Why Canada needs to say no to Oil and Gas Drilling in Marine Protected Areas
The federal government is committed to protecting at least 17 percent of terrestrial areas and inland water, and 10 percent of coastal and marine areas by 2020. These measures of protection are crucial to conserve the important habitats of species at risk in our lands and waters. Protection of Canada’s natural places is a vital component of our culture, heritage, economy and our future, as well as of global importance in terms of biodiversity conservation and mitigating climate change.
Since 2015, Canada has made significant progress on marine protected areas and now protects nearly 8% of its oceans. Despite those advances, the federal government is still considering allowing oil, gas and mining in some marine protected areas.
Oil and gas drilling in marine protection areas? Many, if not most, Canadians would ask: what’s up with that? Surely creating a ‘marine protected area’ means that oil, gas and mining projects are no longer permitted. Surely these important habitats cannot risk environmental catastrophes similar to the oil spill we recently saw off the coast of Newfoundland that released 250,000 litres of crude oil into the ocean.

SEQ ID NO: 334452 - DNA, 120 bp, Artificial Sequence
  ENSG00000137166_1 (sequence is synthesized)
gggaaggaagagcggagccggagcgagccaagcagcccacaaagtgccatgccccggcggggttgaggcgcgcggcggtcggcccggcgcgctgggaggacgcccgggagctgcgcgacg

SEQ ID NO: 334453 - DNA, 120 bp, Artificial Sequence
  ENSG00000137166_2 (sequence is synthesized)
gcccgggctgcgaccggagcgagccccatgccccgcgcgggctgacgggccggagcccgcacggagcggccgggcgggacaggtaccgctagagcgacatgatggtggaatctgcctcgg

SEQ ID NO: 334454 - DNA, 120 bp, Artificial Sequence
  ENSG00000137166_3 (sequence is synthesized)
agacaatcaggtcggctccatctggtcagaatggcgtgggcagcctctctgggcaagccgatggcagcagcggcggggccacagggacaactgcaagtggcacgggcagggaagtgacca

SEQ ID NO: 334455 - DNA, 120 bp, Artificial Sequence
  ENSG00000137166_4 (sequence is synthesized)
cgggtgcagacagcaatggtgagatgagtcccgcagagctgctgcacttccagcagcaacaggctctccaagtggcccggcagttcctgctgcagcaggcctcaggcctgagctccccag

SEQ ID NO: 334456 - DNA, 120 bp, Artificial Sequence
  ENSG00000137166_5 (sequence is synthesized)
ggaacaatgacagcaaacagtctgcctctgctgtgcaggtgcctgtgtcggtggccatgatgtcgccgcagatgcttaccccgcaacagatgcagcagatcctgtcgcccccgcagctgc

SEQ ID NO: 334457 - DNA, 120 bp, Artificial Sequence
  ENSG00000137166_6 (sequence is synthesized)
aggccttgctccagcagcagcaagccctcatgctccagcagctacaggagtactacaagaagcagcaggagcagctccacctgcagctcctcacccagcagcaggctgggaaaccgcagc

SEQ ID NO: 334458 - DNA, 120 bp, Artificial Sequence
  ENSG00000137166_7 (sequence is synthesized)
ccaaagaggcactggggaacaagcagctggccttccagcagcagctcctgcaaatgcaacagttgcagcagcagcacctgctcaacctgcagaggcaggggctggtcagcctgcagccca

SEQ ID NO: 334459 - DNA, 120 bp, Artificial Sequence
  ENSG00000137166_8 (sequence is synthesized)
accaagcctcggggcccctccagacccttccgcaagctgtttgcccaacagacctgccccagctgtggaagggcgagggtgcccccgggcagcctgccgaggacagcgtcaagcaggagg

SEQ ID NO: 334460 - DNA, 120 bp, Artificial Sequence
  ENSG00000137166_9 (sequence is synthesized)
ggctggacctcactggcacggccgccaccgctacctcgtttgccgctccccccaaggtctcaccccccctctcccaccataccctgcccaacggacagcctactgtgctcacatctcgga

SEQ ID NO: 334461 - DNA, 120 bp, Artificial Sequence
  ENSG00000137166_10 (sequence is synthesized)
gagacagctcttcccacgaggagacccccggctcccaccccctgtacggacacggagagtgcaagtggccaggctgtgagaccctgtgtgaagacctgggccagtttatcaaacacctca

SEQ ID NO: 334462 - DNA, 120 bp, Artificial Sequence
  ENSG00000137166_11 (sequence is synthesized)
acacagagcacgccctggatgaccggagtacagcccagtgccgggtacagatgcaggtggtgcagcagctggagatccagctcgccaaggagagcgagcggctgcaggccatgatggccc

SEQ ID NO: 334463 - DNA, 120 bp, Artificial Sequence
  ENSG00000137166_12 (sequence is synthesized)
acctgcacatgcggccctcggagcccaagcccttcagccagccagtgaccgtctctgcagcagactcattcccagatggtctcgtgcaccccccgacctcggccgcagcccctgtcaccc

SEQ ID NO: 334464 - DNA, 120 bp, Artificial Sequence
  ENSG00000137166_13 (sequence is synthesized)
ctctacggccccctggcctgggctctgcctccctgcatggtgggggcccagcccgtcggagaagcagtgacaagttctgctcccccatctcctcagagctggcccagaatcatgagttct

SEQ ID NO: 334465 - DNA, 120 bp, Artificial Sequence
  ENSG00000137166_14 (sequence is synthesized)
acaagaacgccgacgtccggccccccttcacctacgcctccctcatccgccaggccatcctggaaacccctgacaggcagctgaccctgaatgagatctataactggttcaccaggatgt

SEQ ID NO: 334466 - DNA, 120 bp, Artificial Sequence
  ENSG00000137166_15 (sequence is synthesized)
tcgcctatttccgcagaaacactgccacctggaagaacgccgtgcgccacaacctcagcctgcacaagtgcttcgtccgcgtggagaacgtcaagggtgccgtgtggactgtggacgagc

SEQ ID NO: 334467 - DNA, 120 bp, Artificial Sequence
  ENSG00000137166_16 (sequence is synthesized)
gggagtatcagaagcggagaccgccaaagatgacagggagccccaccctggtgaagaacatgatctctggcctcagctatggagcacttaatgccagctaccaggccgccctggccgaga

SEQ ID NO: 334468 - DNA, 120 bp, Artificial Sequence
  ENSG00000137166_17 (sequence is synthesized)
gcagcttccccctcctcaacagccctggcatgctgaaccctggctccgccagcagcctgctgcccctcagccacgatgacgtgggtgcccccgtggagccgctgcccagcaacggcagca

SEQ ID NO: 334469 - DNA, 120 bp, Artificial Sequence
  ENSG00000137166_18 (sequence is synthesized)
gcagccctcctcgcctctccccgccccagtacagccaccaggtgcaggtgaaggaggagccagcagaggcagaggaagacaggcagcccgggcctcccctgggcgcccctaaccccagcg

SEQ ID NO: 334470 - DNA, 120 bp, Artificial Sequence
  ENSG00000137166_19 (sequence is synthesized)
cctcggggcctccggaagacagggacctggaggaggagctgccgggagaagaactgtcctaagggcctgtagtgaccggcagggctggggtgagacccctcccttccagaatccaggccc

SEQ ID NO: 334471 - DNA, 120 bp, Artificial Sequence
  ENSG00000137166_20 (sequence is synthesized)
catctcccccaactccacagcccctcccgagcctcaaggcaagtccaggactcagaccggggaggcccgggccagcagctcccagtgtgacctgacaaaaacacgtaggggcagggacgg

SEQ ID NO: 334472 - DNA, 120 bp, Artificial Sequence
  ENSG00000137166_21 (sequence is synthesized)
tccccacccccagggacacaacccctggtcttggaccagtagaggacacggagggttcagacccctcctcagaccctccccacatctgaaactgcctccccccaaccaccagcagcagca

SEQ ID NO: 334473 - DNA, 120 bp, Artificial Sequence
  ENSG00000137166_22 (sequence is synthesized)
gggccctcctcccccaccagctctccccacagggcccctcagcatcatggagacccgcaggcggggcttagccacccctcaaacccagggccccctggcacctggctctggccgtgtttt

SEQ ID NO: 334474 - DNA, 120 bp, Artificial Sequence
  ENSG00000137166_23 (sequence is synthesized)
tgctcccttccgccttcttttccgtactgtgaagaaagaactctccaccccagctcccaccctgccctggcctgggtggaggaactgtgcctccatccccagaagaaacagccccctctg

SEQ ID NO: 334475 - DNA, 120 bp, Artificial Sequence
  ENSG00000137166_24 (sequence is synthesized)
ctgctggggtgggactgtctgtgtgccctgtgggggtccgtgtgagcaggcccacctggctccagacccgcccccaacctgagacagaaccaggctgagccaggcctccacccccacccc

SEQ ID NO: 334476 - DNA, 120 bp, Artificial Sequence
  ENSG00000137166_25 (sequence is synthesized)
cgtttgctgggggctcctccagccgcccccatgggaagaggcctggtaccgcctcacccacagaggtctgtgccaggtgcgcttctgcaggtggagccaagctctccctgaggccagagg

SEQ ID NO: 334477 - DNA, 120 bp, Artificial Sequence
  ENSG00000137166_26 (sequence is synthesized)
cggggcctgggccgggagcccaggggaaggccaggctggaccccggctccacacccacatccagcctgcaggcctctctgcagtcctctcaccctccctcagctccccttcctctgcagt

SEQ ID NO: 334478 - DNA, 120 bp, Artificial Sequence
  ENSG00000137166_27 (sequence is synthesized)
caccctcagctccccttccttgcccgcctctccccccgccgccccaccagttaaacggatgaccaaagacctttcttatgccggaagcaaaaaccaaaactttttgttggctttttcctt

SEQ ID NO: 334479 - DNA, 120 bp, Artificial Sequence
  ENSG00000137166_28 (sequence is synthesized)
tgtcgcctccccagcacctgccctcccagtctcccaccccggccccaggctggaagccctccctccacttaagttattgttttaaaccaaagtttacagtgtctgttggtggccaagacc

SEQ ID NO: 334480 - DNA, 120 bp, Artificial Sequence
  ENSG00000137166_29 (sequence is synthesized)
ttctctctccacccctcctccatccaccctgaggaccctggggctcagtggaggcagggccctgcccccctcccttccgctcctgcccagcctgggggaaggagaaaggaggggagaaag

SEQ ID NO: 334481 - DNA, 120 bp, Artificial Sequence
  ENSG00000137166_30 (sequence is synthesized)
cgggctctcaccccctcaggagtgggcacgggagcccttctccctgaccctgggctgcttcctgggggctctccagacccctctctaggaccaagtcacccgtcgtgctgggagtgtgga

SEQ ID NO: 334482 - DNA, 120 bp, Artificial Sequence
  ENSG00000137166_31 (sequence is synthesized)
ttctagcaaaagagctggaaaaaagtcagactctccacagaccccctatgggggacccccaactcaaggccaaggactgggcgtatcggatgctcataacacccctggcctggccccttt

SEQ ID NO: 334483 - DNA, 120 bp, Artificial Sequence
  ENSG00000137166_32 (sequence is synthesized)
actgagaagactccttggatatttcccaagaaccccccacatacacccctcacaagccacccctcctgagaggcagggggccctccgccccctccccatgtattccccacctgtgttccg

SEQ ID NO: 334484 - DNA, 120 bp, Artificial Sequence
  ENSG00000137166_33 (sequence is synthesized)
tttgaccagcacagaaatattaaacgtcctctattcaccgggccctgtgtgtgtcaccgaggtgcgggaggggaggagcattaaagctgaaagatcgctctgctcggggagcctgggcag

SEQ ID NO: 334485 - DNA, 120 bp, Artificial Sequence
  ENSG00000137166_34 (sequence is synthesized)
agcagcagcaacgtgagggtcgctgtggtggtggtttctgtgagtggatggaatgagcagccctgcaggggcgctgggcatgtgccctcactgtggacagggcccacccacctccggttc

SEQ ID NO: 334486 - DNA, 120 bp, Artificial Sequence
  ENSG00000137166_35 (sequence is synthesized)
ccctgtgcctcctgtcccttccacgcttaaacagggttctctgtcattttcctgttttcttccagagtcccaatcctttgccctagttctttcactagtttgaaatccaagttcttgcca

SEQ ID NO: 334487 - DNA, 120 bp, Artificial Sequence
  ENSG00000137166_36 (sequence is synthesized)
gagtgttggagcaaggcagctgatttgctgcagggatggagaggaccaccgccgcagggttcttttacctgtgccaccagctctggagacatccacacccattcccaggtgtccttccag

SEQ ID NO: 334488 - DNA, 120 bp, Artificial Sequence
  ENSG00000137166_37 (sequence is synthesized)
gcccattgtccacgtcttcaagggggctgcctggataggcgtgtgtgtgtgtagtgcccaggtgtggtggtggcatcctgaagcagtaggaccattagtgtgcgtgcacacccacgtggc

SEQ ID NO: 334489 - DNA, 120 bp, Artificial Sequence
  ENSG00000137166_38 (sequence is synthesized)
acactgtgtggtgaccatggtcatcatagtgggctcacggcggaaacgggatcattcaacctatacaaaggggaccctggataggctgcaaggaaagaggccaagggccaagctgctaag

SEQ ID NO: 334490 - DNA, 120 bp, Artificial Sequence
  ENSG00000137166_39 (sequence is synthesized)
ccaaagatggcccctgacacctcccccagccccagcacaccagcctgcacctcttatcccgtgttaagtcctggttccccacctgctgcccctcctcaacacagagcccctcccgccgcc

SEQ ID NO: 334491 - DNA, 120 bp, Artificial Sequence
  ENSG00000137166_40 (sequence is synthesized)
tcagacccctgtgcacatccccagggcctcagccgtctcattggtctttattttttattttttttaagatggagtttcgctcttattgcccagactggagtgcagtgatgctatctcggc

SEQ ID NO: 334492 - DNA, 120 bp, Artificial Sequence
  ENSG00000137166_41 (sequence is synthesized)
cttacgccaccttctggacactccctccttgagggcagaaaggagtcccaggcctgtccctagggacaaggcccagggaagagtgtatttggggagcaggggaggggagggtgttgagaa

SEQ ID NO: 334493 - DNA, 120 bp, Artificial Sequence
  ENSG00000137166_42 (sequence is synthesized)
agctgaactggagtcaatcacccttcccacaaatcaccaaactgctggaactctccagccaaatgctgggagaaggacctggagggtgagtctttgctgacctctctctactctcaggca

The public controversy as to whether to allow of oil and gas drilling in protected areas led to the establishment of an expert panel on standards for marine protected areas. The good news is that the panel recommended strengthening ocean protections. The bad news? The government is under pressure from oil and gas interests to keep these protections weak. Industry wants to see oil and gas drilling still allowed in some types of marine protected areas.
Fortunately for all nature lovers, there is something that can be done. It is not too late to strengthen the protection of important marine habitats and to ensure that marine wildlife species like the Endangered Leatherback Sea Turtle and beloved Atlantic Puffin continue to thrive.
Share our petition with your family and friends to raise awareness around the protection of marine areas today! If we raise our voices for nature in Canada today, we will be able to protect it for generations to come.
Stephen spoke to reporter James Wilt from The Narwhal, stating that “I reject the idea that greenhouse gas emissions are not a matter of federal interest and authority,” and that “Given that climate change could destroy human civilization, maybe it might be a good idea to include high-carbon projects for assessment under the new legislation,” Read this story here.